At the New York Yacht Club Invitational –
When they read the entries alphabetically, it takes a long time to get through the R’s.
Royal this, Royal that.
Which speaks to the ambition to stage the premiere regatta for amateur competition, in a manner that can be called, without apology, yachting. The New York Yacht Club has changed tremendously since 1983, when it lost the America’s Cup after holding it for 132 years. That was a blow, but it set the club free. Acquiring a station in Newport in 1988 (at the first waterfront estate on the way out of downtown; what could be a better fit?) opened the way to immersing the club in junior sailing, college sailing, team racing and of course, grand yachting of the roll-up-your-sleeves variety. But there was that matter of the missing signature event, something to replace the “friendly competition between foreign nations.”
This is it, perhaps. Think 19 boats and 15 countries at the inaugural. But it comes with all the devils of the borrowed boat regatta. And for me, it comes with a lesson in friendly-and-foreign. Finding myself in a restaurant where the Spanish team was having a crew dinner, I offered them a hearty Viva España!
They corrected me.
They’re from Barcelona. How could I have been such a fool?
And it always matters to thank the race committee. It really is a lot of hours. It really is a lot of work. And a pic like this of the folks manning the pin-end boat at the start reminds us, it takes a heap of faith in the people comin’ at ya . . .
So, yes, a passle of jibs came apart at the headboard on day one, in breeze and a lump outside Narragansett Bay. All of those were purpose-built sails, built with the expectation of being used only in this and future Invitationals. So the sailmaker or somebody got that part wrong. All the jibs, not only those that failed, were re-stitched overnight. No more jib failures. Devils of the borrowed boat regatta, that, and the Swan-built NYYC 42s don’t have great word of mouth, but where else in the world would you see nineteen 42-footers, each with identical sails, each identically tuned, each representing an outfit that has earned its stripes (stars, crests, whatever) in the sailing world. The Royal Ocean Racing Club has had a fair bit of influence over time. The Royal New Zealand Yacht Squadron has got itself noticed a time or two. That fellow, Bruno Troublè, skippering for the Yacht Club of France, we’ve heard from him sometime, haven’t we?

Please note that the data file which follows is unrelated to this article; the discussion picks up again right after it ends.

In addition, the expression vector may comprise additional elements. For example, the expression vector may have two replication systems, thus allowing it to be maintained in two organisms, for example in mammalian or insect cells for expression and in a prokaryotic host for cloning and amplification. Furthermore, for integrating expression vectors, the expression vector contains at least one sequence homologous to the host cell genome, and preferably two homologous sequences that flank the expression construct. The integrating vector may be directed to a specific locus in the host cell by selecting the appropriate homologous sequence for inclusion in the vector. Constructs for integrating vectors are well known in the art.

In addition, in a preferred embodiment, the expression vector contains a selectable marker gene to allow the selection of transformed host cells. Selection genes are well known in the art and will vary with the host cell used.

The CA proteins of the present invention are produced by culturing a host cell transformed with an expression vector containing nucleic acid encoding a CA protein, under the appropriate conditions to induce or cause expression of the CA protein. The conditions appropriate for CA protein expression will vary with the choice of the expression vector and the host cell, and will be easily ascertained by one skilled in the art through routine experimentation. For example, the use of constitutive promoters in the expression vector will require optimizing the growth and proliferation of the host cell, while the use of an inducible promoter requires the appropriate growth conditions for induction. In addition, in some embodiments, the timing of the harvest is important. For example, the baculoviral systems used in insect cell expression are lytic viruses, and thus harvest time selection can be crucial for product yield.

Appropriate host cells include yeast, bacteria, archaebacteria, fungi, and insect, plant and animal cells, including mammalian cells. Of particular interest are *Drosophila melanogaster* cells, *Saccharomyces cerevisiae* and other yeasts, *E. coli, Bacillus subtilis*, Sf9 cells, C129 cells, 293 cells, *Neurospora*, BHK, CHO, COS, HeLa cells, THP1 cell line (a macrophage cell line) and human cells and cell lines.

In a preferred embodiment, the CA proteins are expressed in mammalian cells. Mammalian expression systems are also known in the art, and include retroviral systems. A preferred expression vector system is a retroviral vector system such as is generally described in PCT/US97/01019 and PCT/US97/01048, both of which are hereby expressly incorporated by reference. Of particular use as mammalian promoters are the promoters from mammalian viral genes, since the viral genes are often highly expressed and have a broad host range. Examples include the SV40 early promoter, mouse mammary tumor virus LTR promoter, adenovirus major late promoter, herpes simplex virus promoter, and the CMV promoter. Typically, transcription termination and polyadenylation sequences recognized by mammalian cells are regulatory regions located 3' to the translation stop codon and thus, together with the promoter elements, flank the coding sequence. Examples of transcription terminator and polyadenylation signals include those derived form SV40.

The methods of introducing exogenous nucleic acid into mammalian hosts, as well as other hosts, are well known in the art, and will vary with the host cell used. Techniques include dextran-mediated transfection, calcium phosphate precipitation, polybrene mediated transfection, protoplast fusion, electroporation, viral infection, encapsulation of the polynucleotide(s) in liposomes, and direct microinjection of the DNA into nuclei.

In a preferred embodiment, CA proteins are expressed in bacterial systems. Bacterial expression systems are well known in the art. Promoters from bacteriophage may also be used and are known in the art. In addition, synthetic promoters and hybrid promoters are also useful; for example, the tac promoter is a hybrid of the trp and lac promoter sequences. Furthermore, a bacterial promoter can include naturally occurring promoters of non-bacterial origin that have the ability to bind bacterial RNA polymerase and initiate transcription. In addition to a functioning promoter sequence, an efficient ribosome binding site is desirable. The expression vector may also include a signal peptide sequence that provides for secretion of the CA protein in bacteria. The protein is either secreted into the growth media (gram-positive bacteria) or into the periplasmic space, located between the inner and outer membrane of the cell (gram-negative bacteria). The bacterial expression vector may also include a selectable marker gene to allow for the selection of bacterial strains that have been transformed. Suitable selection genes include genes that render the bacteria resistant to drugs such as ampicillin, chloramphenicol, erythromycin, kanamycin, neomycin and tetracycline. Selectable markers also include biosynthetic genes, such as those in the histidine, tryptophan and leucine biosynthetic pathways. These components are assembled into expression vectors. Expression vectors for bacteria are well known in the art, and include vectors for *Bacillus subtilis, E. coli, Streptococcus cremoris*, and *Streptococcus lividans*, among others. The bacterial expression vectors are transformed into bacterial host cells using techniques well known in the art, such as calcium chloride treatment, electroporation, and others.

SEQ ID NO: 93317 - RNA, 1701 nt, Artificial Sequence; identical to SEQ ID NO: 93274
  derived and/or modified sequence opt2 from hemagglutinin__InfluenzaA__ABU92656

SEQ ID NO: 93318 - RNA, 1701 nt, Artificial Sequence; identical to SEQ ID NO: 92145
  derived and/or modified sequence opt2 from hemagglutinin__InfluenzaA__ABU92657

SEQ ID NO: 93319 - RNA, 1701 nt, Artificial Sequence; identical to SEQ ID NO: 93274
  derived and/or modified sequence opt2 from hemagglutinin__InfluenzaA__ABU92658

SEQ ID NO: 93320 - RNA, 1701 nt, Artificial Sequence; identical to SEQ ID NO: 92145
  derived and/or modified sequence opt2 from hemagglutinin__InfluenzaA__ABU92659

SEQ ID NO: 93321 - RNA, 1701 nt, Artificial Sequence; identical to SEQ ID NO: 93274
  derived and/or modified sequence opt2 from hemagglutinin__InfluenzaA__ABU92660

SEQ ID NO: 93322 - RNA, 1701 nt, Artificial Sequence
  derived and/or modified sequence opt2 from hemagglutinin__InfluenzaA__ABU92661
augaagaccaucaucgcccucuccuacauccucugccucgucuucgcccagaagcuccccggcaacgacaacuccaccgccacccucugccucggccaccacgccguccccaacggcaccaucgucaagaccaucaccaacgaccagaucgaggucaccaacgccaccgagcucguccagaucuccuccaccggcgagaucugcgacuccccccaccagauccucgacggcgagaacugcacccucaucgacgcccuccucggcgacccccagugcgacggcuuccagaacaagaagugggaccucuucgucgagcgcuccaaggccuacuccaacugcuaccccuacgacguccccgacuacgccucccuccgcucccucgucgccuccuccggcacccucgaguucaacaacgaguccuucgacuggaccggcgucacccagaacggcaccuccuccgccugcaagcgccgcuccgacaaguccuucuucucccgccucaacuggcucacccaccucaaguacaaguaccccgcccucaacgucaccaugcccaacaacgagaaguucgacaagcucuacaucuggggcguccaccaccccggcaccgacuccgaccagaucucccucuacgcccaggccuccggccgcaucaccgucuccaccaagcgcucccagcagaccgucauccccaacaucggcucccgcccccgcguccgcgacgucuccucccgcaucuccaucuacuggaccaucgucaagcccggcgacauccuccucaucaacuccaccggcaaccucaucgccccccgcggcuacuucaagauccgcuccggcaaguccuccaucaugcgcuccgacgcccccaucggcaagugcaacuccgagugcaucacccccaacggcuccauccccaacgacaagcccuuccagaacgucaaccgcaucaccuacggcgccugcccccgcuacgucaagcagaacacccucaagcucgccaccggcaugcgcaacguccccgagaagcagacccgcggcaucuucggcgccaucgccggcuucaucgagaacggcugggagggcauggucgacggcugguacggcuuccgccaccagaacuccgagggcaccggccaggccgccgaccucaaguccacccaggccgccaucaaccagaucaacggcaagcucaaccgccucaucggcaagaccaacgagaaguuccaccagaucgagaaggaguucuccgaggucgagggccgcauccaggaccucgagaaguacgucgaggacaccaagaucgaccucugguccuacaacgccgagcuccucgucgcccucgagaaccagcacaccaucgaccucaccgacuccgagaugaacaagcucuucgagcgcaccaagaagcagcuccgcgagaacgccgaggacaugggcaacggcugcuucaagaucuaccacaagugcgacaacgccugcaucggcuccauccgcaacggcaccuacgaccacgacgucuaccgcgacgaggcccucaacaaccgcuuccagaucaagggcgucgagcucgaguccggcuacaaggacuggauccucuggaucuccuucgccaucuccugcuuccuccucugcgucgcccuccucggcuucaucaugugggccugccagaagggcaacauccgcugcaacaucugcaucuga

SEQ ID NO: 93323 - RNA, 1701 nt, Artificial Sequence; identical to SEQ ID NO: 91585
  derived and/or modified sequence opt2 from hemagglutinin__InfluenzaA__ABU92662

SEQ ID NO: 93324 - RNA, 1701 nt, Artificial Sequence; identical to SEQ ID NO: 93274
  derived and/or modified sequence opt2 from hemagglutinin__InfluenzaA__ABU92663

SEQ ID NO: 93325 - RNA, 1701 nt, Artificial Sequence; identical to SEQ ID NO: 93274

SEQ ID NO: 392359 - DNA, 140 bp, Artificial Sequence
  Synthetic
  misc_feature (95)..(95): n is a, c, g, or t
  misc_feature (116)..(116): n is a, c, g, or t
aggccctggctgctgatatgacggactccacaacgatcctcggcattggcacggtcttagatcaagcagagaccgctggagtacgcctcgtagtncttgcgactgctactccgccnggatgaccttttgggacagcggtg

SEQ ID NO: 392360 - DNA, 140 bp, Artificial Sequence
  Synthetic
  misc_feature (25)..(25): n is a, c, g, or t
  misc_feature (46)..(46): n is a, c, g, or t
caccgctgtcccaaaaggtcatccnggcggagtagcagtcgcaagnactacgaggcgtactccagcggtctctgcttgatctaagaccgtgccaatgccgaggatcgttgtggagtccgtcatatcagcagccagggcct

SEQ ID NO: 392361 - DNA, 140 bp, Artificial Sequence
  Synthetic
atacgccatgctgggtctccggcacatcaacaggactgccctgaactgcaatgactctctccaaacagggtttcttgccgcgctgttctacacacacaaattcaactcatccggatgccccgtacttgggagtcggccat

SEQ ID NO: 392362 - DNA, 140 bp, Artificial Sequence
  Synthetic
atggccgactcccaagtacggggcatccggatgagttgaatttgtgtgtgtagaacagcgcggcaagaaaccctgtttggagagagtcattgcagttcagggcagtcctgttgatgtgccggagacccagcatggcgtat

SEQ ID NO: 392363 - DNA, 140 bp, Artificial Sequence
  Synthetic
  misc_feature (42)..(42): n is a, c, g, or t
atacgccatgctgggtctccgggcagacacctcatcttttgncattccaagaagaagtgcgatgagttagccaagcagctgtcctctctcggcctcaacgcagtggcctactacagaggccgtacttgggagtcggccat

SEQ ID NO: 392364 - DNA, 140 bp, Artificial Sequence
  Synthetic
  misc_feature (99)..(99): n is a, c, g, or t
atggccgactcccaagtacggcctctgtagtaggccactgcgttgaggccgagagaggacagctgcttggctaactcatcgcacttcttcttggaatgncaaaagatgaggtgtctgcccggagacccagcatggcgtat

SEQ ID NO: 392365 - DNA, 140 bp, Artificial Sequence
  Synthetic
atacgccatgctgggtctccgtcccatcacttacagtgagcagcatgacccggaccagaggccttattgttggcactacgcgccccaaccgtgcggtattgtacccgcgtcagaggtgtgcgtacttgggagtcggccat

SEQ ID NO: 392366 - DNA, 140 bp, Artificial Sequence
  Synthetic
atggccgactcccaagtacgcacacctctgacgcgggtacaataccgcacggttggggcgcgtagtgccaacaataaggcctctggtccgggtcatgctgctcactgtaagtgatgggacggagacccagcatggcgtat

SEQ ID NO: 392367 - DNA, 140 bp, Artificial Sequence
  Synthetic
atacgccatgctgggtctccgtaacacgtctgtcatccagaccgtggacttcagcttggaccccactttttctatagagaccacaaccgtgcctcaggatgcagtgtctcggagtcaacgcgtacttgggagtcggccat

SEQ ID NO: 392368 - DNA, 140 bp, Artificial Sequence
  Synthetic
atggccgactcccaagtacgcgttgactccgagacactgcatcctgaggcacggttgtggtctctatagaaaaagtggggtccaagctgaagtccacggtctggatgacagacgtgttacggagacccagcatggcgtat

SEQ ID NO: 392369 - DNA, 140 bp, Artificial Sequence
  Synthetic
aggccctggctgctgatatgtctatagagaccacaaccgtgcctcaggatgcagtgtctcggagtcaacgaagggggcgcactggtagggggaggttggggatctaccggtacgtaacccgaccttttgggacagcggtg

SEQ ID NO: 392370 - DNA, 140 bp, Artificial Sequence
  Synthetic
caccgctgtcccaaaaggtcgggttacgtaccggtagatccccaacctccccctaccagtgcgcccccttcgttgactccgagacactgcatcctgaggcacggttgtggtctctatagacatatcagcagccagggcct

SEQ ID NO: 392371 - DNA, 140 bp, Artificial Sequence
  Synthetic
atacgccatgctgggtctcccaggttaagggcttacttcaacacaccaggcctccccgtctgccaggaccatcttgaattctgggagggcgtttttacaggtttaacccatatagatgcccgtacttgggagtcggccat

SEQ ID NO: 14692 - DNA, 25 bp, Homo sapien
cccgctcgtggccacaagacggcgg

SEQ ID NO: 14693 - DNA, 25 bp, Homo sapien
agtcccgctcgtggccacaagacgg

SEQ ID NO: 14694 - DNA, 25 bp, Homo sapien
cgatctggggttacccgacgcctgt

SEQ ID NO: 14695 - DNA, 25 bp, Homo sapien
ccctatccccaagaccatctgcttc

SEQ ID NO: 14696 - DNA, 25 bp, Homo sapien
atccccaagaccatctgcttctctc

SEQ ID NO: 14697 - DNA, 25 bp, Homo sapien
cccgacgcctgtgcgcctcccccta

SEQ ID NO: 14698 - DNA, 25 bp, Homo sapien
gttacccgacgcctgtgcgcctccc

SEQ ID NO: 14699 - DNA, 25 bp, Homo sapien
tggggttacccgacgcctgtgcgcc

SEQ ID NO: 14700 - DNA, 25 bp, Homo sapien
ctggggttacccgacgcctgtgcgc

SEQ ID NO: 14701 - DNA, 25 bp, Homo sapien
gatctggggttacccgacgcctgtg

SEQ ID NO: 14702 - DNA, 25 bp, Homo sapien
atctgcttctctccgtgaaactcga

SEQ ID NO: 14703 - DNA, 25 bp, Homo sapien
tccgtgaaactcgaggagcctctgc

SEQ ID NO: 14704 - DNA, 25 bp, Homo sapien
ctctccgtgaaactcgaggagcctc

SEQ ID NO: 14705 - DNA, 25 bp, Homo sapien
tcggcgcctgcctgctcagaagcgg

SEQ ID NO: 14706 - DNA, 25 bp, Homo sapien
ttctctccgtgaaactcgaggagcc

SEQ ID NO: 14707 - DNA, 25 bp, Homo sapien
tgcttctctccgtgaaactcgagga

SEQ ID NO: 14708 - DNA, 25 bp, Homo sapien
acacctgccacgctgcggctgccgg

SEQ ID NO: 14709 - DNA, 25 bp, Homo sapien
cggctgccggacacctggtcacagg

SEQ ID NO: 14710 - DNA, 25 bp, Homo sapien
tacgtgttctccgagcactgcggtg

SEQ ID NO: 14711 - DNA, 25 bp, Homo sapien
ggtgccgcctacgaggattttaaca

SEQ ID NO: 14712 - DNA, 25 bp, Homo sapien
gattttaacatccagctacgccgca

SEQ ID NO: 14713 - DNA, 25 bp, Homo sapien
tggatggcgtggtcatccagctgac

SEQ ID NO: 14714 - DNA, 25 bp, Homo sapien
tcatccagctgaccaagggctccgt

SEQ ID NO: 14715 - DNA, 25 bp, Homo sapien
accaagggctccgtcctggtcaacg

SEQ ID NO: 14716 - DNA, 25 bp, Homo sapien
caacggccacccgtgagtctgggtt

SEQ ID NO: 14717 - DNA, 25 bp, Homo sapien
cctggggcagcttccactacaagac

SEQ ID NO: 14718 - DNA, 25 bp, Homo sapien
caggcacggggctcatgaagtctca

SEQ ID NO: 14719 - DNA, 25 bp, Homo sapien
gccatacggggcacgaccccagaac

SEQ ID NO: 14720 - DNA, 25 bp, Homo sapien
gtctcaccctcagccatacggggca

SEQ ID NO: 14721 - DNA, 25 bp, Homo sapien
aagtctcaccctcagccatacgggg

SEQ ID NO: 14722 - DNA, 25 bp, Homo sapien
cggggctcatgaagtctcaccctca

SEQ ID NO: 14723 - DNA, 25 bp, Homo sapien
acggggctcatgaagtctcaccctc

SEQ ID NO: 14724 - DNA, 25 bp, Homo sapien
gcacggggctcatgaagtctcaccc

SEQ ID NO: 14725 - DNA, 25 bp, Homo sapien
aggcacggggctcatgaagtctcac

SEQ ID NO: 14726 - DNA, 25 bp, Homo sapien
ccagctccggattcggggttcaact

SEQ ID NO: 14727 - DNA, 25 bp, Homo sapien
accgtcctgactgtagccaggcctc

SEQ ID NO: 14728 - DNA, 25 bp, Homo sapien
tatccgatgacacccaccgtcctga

This was as international as international gets. The host club had the questionable taste to win; they also had the speed and smarts in owner Phil Lotz (whose wife Wendy and sons Chris and Doug also sail in the crew) and the one allowed pro, Ken Read. The Lotz family won selection by winning the class championship, and it’s probably significant that the top teams including Canada in second and Japan in third all sail regularly on Swan 42s (and Lotz, for example, was sailing his own boat; there are opportunities to refine the format).
It’s also significant, to me anyway, that a number of NYYC members quietly expressed their concern that the club not come across as pushing overly hard to win, that they not be perceived as they were perceived in the America’s Cup years (correctly or incorrectly) as seeking any advantage.
There was a desire to host the world, with grace, and they gave it a go.
Every boat that had good races also had bad races. Doing well in any given race was mostly about the start, because it was very hard for a boat behind to come back.
Nineteen boats, the top eighteen being tough to crack. Full results at nyyc.org.
St. Francis YC skipper Craig Healy, asked about his up-down-up finishes, replied, “If you make one mistake, you’re flushed. It speaks to how even the boats are in speed.”
Anthony O’Leary of Ireland’s Royal Cork YC, to the same question, quipped, “Well, maybe if we left the motor on for all the races . . . “